(CNN) —  

EPA Chief Scott Pruitt’s fate is up in the air after a series of ethics allegations began swirling in the media. The latest parlor game is guessing if and when Pruitt might get the ax from President Donald Trump, having committed the sin of bringing embarrassment to the administration. Pruitt, no stranger to controversy, is now under fire for his decision to rent a room in the nation’s capital from the family of an energy lobbyist.

Scott Jennings
courtesy of Scott Jennings
Scott Jennings

Much of the Trump-Hating Industrial Complex has already tried and convicted Pruitt on cable TV panels, appointing themselves experts in someone else’s living arrangements to demand Pruitt’s sacking.

What lurks beneath, though, is not a concern for ethics or thrifty travel budgets (they might want to check EPA directors under Obama before they tee off on travel), but rather adherence to liberal environmental policy that borders on religious conviction. Many on the left love government regulations and hate anyone who tears them down, as Pruitt has successfully done at EPA.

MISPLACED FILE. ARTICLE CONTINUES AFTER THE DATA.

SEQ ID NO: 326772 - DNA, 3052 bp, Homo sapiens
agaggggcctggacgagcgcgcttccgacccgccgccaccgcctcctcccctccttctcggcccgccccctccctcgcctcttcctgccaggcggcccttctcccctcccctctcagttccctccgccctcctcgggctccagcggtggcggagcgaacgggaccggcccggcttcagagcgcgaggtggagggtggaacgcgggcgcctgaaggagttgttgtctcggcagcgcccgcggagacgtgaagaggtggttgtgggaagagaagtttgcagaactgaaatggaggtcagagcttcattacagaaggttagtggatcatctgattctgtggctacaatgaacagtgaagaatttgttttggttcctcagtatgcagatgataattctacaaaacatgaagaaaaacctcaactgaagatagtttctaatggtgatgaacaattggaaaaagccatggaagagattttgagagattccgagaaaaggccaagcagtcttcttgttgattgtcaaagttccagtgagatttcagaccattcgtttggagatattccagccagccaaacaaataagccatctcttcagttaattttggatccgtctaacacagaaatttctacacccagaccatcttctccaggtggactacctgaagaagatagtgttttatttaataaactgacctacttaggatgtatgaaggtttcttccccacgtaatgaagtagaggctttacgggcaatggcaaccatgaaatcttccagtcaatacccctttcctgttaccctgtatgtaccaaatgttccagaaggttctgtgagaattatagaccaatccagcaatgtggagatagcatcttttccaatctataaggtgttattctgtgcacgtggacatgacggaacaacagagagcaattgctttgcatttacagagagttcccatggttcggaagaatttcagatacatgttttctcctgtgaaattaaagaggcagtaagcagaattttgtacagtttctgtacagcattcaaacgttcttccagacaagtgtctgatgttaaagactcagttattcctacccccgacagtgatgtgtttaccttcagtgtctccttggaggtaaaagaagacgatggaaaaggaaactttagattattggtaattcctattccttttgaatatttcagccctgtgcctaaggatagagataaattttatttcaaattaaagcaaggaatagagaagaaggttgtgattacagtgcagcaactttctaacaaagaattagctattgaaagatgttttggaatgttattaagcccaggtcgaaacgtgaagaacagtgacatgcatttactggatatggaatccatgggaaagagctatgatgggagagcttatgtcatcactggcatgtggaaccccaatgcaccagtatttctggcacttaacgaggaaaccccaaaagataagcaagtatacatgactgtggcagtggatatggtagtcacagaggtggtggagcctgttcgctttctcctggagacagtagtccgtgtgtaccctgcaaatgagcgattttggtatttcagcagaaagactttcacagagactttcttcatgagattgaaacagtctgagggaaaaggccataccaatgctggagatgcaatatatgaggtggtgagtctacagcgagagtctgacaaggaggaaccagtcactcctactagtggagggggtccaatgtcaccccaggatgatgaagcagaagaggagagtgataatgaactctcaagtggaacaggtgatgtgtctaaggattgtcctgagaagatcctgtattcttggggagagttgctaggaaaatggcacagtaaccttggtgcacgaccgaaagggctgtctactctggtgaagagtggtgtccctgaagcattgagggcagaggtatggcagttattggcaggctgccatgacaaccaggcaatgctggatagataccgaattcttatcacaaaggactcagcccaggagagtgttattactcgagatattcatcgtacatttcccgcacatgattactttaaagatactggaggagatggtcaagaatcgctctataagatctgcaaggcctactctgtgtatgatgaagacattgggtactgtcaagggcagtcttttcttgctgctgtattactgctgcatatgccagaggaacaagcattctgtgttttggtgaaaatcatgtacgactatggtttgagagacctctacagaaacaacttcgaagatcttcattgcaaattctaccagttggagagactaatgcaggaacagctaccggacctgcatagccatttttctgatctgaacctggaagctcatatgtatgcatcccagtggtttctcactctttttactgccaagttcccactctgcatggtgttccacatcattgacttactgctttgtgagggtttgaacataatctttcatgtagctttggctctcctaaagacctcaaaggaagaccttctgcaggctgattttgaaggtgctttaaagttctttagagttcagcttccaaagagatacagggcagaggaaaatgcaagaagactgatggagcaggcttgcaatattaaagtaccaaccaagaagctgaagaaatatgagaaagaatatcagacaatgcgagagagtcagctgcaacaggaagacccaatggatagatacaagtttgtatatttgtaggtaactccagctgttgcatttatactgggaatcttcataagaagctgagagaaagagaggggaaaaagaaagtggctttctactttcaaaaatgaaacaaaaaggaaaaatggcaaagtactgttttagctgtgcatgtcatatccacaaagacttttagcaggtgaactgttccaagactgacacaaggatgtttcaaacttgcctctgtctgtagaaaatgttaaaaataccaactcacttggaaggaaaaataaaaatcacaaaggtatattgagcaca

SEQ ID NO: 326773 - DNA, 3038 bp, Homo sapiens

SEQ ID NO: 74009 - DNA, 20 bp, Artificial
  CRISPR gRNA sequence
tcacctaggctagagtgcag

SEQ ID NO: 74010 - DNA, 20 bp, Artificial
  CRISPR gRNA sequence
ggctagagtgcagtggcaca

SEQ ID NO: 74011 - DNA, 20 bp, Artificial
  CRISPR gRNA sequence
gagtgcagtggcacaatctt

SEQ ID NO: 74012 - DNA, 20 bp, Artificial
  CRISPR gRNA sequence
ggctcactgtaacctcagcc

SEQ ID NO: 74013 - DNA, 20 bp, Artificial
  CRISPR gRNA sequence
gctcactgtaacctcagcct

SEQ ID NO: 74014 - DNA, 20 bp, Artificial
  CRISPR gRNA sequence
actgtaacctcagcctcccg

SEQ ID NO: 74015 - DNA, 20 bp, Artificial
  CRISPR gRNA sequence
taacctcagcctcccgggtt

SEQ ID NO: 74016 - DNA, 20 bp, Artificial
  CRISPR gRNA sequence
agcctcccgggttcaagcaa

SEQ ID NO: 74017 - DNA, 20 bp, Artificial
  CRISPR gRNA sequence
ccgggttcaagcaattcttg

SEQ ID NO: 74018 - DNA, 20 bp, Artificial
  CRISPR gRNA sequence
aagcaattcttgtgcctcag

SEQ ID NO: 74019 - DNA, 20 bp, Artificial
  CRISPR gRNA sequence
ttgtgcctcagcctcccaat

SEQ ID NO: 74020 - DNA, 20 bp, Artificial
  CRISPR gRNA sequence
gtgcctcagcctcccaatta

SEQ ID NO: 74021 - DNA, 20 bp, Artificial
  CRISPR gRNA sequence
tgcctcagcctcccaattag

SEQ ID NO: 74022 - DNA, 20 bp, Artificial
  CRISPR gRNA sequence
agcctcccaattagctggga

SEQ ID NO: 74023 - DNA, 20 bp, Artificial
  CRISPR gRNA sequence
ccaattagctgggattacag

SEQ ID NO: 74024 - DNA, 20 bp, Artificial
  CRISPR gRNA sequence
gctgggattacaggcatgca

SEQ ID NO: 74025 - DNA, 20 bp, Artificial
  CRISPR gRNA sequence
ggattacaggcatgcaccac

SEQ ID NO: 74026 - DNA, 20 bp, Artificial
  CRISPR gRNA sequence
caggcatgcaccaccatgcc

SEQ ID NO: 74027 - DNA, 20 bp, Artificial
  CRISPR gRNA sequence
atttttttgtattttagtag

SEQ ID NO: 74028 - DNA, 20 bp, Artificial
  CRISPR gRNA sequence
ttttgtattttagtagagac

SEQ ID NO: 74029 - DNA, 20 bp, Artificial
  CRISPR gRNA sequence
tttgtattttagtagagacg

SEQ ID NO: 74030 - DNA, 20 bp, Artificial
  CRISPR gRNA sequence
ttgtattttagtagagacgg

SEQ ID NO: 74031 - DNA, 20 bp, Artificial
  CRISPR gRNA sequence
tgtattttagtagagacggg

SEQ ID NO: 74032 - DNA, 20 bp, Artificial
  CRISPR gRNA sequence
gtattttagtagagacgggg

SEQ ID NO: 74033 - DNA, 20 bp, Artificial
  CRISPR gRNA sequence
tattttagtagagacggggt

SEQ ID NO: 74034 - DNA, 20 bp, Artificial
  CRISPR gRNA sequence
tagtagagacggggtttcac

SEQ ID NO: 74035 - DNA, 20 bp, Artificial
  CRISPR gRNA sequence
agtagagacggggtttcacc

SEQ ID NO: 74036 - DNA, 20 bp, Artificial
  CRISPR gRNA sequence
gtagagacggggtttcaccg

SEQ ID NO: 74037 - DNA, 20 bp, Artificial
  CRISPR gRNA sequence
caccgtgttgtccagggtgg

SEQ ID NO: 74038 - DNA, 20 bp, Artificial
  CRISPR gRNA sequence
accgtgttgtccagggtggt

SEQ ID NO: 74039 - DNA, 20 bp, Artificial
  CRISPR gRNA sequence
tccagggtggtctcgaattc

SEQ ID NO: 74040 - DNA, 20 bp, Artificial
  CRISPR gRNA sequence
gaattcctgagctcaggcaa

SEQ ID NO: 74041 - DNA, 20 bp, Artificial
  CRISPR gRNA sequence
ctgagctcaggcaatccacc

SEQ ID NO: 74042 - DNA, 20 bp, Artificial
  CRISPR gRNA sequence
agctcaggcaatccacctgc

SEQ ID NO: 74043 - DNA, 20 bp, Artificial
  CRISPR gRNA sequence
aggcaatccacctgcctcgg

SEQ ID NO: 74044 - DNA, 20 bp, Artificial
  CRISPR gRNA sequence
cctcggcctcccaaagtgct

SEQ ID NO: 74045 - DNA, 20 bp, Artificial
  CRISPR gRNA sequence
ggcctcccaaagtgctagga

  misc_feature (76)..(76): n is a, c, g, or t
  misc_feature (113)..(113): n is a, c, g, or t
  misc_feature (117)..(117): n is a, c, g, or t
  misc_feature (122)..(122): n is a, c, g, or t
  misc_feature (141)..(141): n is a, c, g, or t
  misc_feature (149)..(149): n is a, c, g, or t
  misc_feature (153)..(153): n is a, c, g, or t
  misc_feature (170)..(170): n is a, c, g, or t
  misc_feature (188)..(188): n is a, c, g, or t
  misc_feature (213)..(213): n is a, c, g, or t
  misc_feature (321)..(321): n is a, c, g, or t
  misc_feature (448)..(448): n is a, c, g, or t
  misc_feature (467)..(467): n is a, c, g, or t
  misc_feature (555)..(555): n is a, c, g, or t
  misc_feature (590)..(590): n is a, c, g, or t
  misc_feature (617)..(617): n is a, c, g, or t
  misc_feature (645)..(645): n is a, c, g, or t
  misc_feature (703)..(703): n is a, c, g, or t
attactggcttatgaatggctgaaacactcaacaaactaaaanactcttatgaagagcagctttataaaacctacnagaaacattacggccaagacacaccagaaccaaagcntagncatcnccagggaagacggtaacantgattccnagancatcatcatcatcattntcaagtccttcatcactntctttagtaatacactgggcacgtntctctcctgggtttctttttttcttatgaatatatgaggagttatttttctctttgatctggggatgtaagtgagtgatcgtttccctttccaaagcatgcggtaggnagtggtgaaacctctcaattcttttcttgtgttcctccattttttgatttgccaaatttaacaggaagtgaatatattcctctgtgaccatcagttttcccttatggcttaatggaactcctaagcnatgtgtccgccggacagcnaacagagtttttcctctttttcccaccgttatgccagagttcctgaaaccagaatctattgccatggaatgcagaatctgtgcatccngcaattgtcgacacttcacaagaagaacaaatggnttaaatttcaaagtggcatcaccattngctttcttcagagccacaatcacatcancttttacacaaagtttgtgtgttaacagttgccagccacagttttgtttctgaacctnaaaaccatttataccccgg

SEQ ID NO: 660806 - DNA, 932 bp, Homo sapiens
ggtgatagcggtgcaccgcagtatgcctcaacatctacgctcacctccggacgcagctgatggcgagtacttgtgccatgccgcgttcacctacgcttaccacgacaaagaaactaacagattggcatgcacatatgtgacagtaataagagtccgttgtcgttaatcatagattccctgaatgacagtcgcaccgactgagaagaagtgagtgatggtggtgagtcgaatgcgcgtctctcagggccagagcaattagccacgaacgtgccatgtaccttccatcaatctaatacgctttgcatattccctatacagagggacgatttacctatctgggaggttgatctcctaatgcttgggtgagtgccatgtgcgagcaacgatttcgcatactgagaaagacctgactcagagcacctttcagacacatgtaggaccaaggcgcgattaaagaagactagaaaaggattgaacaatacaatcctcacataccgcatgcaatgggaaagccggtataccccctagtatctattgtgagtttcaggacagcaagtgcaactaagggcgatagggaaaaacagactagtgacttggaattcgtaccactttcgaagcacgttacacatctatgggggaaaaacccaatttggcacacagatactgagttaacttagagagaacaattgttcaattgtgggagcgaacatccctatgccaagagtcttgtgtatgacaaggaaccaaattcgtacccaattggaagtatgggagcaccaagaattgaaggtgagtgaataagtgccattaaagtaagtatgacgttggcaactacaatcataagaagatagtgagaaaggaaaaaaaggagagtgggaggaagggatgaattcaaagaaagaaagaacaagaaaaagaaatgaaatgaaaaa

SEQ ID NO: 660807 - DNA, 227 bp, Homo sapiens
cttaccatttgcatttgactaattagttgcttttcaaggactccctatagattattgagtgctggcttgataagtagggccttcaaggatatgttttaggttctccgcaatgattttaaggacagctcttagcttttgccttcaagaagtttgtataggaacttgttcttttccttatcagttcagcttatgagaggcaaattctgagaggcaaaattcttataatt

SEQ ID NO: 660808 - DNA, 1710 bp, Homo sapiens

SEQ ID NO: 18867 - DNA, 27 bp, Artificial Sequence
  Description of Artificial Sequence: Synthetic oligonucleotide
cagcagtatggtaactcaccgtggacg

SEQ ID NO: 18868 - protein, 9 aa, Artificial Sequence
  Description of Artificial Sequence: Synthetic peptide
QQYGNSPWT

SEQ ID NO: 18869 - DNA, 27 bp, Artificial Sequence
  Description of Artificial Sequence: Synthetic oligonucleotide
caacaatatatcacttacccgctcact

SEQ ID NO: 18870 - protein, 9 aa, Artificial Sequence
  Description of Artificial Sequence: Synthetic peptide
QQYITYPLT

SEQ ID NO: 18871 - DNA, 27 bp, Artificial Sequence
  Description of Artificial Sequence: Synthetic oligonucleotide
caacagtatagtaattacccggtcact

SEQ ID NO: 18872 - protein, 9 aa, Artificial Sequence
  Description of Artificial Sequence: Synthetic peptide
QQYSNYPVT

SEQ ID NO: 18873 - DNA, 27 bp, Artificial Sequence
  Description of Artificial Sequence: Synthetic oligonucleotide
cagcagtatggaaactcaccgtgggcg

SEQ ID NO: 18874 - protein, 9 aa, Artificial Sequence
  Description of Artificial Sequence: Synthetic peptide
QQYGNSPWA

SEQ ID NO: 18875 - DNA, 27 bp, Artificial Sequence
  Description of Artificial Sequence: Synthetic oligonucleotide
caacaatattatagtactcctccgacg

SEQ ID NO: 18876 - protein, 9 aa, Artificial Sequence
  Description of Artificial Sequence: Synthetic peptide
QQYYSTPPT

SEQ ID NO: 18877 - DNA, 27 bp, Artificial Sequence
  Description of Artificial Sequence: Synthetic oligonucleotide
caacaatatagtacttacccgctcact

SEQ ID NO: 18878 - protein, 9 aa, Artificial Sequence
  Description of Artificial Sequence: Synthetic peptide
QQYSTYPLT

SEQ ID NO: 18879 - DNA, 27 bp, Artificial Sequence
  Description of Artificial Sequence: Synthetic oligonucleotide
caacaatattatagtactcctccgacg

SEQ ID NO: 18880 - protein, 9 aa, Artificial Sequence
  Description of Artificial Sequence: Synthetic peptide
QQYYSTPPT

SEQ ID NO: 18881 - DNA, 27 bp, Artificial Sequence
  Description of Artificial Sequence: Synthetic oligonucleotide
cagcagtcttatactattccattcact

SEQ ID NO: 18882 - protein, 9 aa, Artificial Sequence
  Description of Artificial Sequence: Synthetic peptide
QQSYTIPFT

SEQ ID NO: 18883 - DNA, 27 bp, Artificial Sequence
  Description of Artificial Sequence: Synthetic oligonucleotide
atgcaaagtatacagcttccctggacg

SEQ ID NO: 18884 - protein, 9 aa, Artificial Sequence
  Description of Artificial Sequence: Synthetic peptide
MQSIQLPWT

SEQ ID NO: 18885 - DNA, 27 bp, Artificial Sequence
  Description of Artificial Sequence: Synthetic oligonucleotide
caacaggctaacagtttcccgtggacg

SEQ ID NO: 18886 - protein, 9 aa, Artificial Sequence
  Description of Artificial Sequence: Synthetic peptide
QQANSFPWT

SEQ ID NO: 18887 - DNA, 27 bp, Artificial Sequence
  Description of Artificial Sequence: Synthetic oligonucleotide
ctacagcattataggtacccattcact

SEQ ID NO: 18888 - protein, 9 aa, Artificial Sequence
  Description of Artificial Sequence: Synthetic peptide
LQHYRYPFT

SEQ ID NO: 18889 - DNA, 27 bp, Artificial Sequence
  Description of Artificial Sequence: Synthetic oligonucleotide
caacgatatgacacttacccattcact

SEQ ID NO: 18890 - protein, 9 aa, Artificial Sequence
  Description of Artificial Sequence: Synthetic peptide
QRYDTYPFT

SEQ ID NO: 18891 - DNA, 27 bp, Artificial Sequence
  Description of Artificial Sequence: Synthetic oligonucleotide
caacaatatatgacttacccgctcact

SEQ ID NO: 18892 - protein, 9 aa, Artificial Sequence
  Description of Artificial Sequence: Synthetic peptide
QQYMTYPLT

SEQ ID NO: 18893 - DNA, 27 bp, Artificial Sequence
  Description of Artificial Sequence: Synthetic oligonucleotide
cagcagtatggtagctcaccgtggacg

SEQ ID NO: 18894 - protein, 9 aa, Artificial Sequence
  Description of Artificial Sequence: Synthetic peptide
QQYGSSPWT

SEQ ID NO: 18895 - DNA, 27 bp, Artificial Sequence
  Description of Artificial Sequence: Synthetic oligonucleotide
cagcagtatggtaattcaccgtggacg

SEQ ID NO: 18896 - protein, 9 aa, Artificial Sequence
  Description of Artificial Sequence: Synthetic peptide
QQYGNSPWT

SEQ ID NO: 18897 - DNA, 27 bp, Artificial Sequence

Having failed to incite a national panic last week over the addition of a citizenship question to the 2020 Census, the Trump haters have moved on this week to destroying Pruitt. There’s a good chance they will fail at this, too. Why? Losing Pruitt would rob the Trump administration of an effective operator who has done more than most to make good on the President’s campaign promises.

Pruitt has been effective. Unlike David Shulkin, who was recently jettisoned from the Department of Veterans Affairs, Pruitt has actually enacted President Trump’s agenda. He’s a recognized conservative warrior, with the Washington Post reporting that “allies praise Pruitt for returning more power to individual states while scaling back what they see as the previous administration’s regulatory excesses.” Pruitt might be the most successful Trump cabinet member, delivering win after win to President Trump.

The White House may not want another confirmation battle right now. With nominees for Secretary of State, CIA director and the VA all sure to face bruising and time-consuming confirmation battles, the bandwidth may not exist for Senate Republicans to take on another. If Democrats succeed in taking the scalp of someone who has been effective at dismantling Barack Obama’s legacy, you can bet they would make confirming a replacement about as much fun as using a hornet’s nest as a speed bag. Salvaging Pruitt makes more sense than engaging in battle over a replacement.